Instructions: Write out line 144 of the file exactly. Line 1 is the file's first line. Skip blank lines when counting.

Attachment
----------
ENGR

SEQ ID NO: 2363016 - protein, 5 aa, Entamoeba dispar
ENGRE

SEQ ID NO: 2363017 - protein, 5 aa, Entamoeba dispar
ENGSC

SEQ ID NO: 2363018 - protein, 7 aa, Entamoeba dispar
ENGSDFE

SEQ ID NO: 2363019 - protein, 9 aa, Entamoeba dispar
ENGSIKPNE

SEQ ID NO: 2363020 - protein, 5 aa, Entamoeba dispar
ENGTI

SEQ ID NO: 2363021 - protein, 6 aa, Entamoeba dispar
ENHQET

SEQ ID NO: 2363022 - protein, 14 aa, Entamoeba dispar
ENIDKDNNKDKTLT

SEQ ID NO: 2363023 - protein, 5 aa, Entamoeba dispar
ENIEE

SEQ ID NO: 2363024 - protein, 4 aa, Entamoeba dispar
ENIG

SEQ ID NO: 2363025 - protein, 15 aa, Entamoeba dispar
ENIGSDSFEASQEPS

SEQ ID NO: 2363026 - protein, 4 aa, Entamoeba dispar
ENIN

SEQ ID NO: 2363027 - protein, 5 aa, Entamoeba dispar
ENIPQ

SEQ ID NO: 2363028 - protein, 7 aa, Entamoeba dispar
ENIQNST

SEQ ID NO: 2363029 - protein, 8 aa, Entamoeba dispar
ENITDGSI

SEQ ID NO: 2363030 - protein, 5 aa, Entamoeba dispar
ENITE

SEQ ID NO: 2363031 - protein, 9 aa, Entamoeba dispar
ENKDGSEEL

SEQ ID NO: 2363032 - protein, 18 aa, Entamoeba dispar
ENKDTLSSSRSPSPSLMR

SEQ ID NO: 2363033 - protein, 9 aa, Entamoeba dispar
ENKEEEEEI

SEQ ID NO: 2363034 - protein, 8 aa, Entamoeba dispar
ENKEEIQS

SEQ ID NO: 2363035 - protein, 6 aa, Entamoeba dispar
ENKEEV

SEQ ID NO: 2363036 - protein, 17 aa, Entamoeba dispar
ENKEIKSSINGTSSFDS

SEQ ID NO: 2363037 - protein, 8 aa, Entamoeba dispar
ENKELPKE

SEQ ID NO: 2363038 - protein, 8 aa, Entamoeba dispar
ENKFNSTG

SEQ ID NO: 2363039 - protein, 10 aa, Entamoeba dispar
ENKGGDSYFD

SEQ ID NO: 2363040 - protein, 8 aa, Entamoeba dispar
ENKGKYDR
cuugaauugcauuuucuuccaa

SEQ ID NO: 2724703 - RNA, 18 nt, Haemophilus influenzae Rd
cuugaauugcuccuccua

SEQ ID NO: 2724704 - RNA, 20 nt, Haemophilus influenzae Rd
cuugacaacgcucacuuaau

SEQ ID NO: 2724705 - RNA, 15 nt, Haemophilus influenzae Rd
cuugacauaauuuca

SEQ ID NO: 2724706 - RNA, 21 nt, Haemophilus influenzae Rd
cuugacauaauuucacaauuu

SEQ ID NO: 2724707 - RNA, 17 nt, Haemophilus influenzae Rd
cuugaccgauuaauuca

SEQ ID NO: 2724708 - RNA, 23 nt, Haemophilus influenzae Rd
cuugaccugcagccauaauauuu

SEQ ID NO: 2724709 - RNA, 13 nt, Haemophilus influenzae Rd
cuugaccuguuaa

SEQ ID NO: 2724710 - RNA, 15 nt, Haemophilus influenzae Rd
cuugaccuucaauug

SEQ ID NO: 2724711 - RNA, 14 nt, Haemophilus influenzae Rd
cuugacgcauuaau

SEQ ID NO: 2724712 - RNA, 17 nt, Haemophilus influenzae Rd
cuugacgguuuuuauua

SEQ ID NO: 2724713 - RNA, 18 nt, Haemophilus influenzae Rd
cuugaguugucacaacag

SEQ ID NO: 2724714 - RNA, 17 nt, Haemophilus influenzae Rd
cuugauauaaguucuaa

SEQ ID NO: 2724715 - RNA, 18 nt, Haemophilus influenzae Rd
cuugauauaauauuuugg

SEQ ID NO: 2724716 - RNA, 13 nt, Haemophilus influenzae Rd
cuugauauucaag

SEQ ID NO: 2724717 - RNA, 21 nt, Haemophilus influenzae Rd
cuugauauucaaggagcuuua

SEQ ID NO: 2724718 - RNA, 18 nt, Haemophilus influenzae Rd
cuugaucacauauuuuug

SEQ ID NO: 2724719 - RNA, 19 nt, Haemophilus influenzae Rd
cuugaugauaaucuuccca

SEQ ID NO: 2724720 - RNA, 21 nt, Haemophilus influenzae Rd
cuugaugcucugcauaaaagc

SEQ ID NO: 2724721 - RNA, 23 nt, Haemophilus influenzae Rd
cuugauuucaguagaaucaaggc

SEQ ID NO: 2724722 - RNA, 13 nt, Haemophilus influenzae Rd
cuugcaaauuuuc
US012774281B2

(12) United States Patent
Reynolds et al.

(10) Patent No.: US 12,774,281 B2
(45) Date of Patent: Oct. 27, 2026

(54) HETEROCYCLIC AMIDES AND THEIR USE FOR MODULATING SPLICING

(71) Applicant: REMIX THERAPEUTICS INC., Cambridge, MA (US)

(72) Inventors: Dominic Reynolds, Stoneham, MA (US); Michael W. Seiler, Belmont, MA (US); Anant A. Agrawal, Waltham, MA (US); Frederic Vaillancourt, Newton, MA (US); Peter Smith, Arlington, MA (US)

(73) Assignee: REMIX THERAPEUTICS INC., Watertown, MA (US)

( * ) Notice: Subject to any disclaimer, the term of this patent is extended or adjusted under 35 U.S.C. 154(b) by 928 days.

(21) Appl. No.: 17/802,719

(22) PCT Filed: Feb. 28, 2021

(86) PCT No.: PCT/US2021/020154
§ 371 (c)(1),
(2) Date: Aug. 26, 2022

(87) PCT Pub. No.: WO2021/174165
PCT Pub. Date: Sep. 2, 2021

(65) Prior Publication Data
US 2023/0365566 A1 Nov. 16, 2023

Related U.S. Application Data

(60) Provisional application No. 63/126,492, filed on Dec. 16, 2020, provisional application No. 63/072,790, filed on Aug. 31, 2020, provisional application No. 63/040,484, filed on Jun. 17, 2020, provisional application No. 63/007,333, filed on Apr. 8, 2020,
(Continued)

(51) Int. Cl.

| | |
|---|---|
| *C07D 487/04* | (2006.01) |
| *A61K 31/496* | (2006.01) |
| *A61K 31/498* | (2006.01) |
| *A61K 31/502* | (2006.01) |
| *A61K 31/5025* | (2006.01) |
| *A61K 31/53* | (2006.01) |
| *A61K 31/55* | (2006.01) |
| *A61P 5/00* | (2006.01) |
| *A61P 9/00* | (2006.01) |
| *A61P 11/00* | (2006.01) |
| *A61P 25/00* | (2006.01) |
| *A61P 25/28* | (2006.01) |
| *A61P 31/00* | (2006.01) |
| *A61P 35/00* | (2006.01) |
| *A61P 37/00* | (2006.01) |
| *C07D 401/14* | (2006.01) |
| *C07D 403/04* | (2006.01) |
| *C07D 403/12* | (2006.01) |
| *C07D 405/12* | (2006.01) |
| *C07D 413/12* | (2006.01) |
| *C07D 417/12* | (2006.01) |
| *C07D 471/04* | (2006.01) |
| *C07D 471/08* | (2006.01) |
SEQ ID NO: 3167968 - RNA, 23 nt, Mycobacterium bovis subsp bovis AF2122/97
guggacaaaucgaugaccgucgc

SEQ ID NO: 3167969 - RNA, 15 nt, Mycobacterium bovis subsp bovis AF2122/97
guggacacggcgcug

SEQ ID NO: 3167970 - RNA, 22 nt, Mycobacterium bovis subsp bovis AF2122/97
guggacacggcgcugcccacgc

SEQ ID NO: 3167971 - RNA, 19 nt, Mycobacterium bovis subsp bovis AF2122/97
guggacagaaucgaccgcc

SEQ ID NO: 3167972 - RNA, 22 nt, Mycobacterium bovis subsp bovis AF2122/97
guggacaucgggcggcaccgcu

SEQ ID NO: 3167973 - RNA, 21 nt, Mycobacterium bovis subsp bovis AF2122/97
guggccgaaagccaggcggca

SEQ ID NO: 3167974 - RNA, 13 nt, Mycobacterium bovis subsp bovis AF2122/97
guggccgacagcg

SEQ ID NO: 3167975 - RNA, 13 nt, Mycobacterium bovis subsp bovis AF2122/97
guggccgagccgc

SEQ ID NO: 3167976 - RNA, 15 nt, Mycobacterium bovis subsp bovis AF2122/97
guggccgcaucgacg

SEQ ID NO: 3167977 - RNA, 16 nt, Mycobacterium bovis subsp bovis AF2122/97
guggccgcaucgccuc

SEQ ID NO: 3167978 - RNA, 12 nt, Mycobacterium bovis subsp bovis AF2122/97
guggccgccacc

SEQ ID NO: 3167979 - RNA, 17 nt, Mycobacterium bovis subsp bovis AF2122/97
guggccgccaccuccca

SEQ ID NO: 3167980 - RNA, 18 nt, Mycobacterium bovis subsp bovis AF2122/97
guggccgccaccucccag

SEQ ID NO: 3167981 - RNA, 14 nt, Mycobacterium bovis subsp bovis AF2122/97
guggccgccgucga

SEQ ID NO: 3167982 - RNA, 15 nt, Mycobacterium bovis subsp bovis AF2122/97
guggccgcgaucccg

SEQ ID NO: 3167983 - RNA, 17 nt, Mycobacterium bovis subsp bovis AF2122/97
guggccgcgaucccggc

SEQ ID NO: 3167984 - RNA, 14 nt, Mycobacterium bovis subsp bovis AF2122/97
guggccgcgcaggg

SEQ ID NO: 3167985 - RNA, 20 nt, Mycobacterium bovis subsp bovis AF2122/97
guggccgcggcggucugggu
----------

guggacacggcgcug